Ordinary lives of air hostesses through lens

13:55, April 07, 2010      

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An air hostess making sure her hair is all nicely tucked in, and all make-up is in place, before taking to the aisle.Photos by Wang Lin / for China Daily

Nine out of 10 people, picked at random and asked what image the mention of air hostess conjures up in their minds, would probably say, "beautiful", "well-traveled", "flashy clothes", or even "married to rich men".

But talk to Wang Lin, and you will get a very different picture.

Carrying herself with briskness and elegance, her attire is anything but flashy.

Sporting a white knee-high windbreaker, a pair of dark trousers, flat shoes and plain silk scarf, she could easily be mistaken for a student of the China Central Academy of Fine Arts (CAFA).

Wang is a 37-year-old air hostess, who trains her lens on the ordinary lives behind the immaculate images of air service staff, have recently catapulted her into the media spotlight.

These pictures she posted on her blog show the girls changing clothes, playing poker in their pajamas, even sleeping in their underwear. Their dorms are far from tidy and nudity is not uncommon.

In another series, Wang posts the real names and real stories of her colleagues under their displayed photos.


Some of Wang Lin's pictures like this one overturn the stereotypical view of air hostesses as prim and proper, and always immaculately dressed.

"People usually hold a stereotypical view of air hostesses," she says. "We are often portrayed as addicted to cosmetics, fancy clothes and even rich men."

But, in fact, most of them are just ordinary folk, Wang says. She is also candid enough to attribute the popularity of her blog in large part to people's voyeuristic instincts.

"I don't know exactly what motivates them to click on these photos online," she says, "but I guess some of it is just curiosity."

Some of the early pictures on her blog generated more than 13,000 page views overnight, she says.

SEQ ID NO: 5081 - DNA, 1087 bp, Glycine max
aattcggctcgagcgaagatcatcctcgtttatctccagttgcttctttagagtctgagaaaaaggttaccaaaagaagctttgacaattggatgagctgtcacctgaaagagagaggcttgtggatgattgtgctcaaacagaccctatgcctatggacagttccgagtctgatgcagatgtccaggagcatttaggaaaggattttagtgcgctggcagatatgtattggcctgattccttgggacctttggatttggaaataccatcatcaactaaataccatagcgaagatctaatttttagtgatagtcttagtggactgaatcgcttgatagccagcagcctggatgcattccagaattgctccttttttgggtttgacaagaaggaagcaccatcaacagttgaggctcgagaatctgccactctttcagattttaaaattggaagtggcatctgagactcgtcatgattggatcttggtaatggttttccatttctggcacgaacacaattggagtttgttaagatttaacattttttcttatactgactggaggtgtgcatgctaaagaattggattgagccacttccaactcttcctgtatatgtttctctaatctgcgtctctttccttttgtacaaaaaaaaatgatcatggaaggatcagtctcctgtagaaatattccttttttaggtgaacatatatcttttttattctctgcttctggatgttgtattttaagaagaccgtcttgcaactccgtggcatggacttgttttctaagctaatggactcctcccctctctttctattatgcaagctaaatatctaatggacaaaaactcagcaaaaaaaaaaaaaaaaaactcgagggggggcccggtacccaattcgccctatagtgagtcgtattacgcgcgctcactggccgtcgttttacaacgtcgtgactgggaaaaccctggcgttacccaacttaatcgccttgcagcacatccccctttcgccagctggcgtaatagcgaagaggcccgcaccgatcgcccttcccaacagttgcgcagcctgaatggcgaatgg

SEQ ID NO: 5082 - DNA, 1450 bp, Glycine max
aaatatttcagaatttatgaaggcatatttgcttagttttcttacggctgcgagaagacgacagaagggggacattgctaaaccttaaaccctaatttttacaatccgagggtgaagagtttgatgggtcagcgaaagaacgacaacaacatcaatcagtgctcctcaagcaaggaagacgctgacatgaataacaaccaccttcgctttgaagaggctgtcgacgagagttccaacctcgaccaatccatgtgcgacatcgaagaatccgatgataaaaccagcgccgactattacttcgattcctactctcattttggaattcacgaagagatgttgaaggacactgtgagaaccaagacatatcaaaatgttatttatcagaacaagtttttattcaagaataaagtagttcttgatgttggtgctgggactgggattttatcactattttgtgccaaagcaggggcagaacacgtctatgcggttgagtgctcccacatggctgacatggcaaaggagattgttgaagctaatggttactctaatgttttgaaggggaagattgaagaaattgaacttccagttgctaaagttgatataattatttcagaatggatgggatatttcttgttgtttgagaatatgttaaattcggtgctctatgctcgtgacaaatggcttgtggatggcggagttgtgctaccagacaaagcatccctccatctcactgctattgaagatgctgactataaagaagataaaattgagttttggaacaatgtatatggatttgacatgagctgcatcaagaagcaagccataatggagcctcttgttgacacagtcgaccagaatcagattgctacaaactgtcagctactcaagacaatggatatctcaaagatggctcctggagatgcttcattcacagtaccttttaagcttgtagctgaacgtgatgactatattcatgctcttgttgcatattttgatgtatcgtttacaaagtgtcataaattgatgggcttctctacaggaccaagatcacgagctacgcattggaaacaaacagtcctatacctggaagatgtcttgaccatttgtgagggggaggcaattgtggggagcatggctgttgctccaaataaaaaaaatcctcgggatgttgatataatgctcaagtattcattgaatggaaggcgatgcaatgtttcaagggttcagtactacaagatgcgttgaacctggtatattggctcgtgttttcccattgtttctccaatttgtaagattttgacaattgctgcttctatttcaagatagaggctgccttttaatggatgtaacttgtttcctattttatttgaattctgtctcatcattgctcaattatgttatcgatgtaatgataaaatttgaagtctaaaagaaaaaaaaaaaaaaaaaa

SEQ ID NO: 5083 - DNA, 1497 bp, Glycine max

This interest in air hostesses' everyday life, perhaps, has to do with the immaculate image they present before the public. Although China's airline industry has come a long way, the number of air hostesses is still quite small and the competition to enter this profession remains stiff.

A recent drive by China Southern Airlines to recruit 1,000 air hostesses, ahead of the Guangzhou Asian Games, attracted 10,000 applicants.


The dorms of the air hostesses are often cluttered and sloppy.

But how was Wang able to win the trust of her colleagues for her candid shots?

"She is a very caring woman," Liu Tiantian, one of her colleagues who became an air hostess three years ago, tells China Daily. "She has been in this industry for 17 years, but does not let her seniority come in the way of her dealings with us. She treats me as an equal at work.

"She just tries to show what our daily lives are like," Liu adds. "Her photos are a reflection of her own personality - frank, straightforward, and more importantly, genuine."

Another colleague Lin Hao even admits his homosexuality in one of her blog entries.

"This is mutual respect and mutual trust at play," he says, "When you are shown respect and trust, you return it."

While her colleagues and others have praised her courage and her photography, her instructors at the academy say it resembles of Nan Goldin, the renowned American documentary photographer. Some photographers have criticized her photos as being "too gray".

"They think the pictures aren't bright enough," Wang says. "They say seeing the girls in casual clothes, and in their sloppy dorms, could damage the images of air hostesses."

Dismissing them, Wang says: "I want to be true to myself and true to life."


Wang joined the then China Xinhua Airlines in 1992 and served for 10 years before the company was merged into Hainan Airlines in 2001. It was then that she decided to enroll in CAFA to polish her photography skills.

It was during her time at the academy that the idea of recording the daily lives of air service personnel, especially air hostesses, gradually evolved.

"The thought of capturing the real lives of air hostesses has always been at the back of my mind," she says.

So, two years after graduation, she found herself up in the sky with the newly established Okay Airways, the nation's first privately-run airline.

Looking ahead, she says she plans to continue her flying career for a couple more years.

"I am employed as an air hostess and I will remain professional as long as I am in this position," she says, "but photography will definitely be a part of my future."

Source: China Daily (By Qi Xiao)

(Editor:王寒露)

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